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Closeness to Trump has determined which lawmakers can get tested for coronavirus more quickly: report

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Despite weeks of crisis, it remains difficult for many people around the country to receive testing for the novel coronavirus. But some people have found it much easier to get testing than others.

On Wednesday, the Washington Post documented how some lawmakers and officials have gotten quick testing due to their proximity to President Donald Trump.

“Mulvaney is one of three President Trump confidants to get a coronavirus test while exhibiting no symptoms of the disease,” wrote Juliet Eilperin, Michael Scherer, Josh Dawsey, and Seung Min Kim. “And on Sunday, Sen. Rand Paul (R-Ky.) announced he tested positive despite being asymptomatic, refusing to disclose how he was able to get tested in Washington on March 16.”

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“The easy access Paul and other high-ranking politicians have gotten to coronavirus tests highlights the extent to which members of America’s elite continue to have greater access to medical care during the pandemic, even as federal officials emphasize that testing should be reserved for health care providers and people who are seriously ill,” they wrote. “Even in the nation’s capital, hospitals are reporting a shortage of tests and the protective gear needed to administer them.”

“In the cases of Mulvaney, Trump’s incoming chief of staff Mark Meadows and Rep. Matt Gaetz (R-Fla.), White House medical staffers arranged for their tests on the grounds that they risked infecting the president,” continued the report. “Both Meadows and Gaetz came into contact with someone at last month’s CPAC gathering who then learned he had contracted covid-19.”

New York University clinical professor Robyn Gershon described this arrangement as a “horrible flouting of our public health recommendations.”

You can read more here.


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This Europe country is housing quarantined coronavirus patients in a five-star hotel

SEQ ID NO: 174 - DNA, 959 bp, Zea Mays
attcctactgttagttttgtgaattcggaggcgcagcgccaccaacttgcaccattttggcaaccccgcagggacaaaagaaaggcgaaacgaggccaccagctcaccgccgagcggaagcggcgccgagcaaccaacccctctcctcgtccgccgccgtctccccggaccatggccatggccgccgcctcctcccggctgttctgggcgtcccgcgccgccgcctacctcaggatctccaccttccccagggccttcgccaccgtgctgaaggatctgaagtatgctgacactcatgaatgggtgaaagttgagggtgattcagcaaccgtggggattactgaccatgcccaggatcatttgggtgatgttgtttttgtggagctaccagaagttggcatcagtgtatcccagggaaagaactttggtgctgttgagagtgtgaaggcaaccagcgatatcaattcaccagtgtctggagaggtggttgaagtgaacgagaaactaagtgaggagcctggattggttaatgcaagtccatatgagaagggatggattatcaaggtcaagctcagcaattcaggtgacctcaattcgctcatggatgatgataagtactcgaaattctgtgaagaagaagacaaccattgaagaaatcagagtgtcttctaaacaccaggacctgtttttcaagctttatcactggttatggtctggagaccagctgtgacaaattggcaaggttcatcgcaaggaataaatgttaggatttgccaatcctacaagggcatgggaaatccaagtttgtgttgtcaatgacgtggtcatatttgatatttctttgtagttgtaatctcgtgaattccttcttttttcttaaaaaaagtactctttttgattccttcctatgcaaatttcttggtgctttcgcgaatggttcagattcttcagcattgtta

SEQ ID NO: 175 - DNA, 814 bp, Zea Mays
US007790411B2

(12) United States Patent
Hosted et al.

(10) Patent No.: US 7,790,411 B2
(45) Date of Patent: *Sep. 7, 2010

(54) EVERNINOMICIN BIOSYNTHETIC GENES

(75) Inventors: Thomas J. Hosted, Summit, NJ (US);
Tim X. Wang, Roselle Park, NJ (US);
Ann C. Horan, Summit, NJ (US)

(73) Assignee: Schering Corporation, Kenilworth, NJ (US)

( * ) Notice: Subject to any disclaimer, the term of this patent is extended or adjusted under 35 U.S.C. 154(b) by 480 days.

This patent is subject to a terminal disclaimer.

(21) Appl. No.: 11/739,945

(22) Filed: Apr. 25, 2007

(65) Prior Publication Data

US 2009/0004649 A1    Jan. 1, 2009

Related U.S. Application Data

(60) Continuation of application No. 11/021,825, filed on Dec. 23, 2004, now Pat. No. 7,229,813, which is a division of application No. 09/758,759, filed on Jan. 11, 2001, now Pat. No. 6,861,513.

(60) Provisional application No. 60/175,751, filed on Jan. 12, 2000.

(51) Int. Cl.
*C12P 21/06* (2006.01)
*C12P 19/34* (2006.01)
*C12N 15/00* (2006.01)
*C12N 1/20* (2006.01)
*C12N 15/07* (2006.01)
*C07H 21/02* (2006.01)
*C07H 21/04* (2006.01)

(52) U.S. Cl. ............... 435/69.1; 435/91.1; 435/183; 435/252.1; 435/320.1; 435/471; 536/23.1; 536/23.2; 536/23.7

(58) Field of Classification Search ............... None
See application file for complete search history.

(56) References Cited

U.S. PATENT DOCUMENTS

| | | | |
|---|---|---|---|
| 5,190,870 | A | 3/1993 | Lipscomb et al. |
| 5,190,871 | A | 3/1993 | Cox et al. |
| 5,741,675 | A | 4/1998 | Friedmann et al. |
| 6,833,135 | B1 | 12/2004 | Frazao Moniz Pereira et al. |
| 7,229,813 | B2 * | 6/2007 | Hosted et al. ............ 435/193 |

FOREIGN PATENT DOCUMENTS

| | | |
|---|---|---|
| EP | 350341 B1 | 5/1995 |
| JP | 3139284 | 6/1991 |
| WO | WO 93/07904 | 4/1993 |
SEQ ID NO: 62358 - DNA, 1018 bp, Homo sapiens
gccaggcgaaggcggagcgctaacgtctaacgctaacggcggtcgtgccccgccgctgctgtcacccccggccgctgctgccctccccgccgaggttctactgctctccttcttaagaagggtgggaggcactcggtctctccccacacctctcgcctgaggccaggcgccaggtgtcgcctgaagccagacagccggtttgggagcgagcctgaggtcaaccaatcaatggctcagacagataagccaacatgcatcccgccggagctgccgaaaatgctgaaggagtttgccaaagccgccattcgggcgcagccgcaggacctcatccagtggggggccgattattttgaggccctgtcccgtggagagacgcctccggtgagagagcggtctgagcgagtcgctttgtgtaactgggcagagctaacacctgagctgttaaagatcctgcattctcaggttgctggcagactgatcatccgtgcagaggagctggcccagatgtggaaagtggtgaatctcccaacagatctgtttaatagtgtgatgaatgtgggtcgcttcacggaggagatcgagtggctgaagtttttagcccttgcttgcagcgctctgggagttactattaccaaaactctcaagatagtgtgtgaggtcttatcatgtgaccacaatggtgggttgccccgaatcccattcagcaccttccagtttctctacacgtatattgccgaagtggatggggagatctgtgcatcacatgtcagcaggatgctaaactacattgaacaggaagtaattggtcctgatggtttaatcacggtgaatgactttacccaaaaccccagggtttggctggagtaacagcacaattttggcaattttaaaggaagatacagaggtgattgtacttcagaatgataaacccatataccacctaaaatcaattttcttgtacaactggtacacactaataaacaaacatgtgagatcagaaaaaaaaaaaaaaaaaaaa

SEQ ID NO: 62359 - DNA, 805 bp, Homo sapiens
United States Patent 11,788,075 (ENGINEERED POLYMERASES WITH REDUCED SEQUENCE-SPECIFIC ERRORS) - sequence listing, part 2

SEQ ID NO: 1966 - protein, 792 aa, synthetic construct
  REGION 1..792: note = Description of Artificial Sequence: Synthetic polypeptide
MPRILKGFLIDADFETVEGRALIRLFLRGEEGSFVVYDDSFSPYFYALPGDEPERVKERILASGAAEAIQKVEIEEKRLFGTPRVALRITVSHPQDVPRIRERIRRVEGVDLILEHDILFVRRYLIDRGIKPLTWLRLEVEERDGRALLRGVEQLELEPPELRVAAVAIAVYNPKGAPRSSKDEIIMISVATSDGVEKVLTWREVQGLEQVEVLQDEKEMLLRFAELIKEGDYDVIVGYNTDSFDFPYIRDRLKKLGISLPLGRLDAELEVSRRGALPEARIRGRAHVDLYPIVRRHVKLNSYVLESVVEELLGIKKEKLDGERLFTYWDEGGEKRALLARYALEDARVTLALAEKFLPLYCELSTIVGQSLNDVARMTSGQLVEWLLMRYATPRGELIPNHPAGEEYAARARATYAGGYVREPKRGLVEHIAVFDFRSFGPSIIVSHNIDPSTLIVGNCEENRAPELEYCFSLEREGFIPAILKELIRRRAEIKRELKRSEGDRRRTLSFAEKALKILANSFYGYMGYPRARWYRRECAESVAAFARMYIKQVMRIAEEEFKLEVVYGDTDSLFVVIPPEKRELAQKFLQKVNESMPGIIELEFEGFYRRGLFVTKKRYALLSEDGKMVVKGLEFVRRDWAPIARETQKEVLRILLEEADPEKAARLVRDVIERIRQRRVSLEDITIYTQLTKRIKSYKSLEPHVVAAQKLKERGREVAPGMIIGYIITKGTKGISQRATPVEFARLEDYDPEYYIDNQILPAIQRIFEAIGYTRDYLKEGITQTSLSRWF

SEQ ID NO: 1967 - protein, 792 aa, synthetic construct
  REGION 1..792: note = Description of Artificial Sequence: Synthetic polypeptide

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An ambulance driver wearing a white protective gown enters a Barcelona hotel and announces the arrival of three new "customers" -- a trio of coronavirus patients discharged from hospital into luxury quarantine.

"Good morning! How are you? My name is Enrique Aranda and I am probably the first non health care worker you see in several days," says the director of the five-star Melia Sarria hotel, peering into the ambulance.

It took just three days to convert the hotel, which features contemporary decor and bathrooms with marble finishing, into a clinic.

"Some patients arrive thinking that they were taken out of hospital to be left to die, many people are frightened. I try to make them forget all that," said Aranda, wearing mask and gloves.

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UK Labour to unveil new leader to replace Jeremy Corbyn

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Britain's main opposition Labour party on Saturday unveils a new leader who will take the helm of a defeated and divided party in the midst of the coronavirus crisis.

Keir Starmer, a former director of state prosecutions and Labour's Brexit spokesman, is the runaway favourite to win the ballot of around 500,000 party members and succeed Jeremy Corbyn.

The announcement will be a low-key affair, with a planned special conference cancelled due to restrictions on social gatherings imposed to stem the spread of COVID-19.

Instead, the result will be put out in a press release mid-morning -- and candidates have been asked to pre-record their victory speeches.

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‘Trump fires people for telling the truth’: President blasted for ‘dead of night decision’ to fire intel watchdog

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President Donald Trump was harshly criticized on Friday for firing intelligence community Inspector General Michael Atkinson.

House Intel Chair Adam Schiff (D-CA) and Senate Intel Ranking Member Mark Warner (D-VA) were among the lawmakers who took to Twitter to criticize Trump on his favorite social media platform.

Here's some of what people were saying about Trump's decision:

Trump’s dead of night decision to fire ICIG Michael Atkinson is another blatant attempt to gut the independence of the Intelligence Community and retaliate against those who dare to expose presidential wrongdoing.

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